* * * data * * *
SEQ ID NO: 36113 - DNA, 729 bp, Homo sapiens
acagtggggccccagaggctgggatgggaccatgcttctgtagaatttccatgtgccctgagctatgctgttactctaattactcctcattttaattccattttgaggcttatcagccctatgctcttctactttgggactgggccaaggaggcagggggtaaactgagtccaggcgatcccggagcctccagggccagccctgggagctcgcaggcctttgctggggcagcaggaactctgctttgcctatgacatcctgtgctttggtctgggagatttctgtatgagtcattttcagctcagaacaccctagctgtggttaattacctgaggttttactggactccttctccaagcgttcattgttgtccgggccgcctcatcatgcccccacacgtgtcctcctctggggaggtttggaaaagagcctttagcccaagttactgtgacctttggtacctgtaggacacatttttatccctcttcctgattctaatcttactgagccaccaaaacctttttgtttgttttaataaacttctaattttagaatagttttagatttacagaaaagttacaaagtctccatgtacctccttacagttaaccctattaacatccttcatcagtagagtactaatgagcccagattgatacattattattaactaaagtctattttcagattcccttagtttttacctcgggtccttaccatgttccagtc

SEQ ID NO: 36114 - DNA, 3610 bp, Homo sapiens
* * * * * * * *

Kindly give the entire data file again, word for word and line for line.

SEQ ID NO: 36113 - DNA, 729 bp, Homo sapiens
acagtggggccccagaggctgggatgggaccatgcttctgtagaatttccatgtgccctgagctatgctgttactctaattactcctcattttaattccattttgaggcttatcagccctatgctcttctactttgggactgggccaaggaggcagggggtaaactgagtccaggcgatcccggagcctccagggccagccctgggagctcgcaggcctttgctggggcagcaggaactctgctttgcctatgacatcctgtgctttggtctgggagatttctgtatgagtcattttcagctcagaacaccctagctgtggttaattacctgaggttttactggactccttctccaagcgttcattgttgtccgggccgcctcatcatgcccccacacgtgtcctcctctggggaggtttggaaaagagcctttagcccaagttactgtgacctttggtacctgtaggacacatttttatccctcttcctgattctaatcttactgagccaccaaaacctttttgtttgttttaataaacttctaattttagaatagttttagatttacagaaaagttacaaagtctccatgtacctccttacagttaaccctattaacatccttcatcagtagagtactaatgagcccagattgatacattattattaactaaagtctattttcagattcccttagtttttacctcgggtccttaccatgttccagtc

SEQ ID NO: 36114 - DNA, 3610 bp, Homo sapiens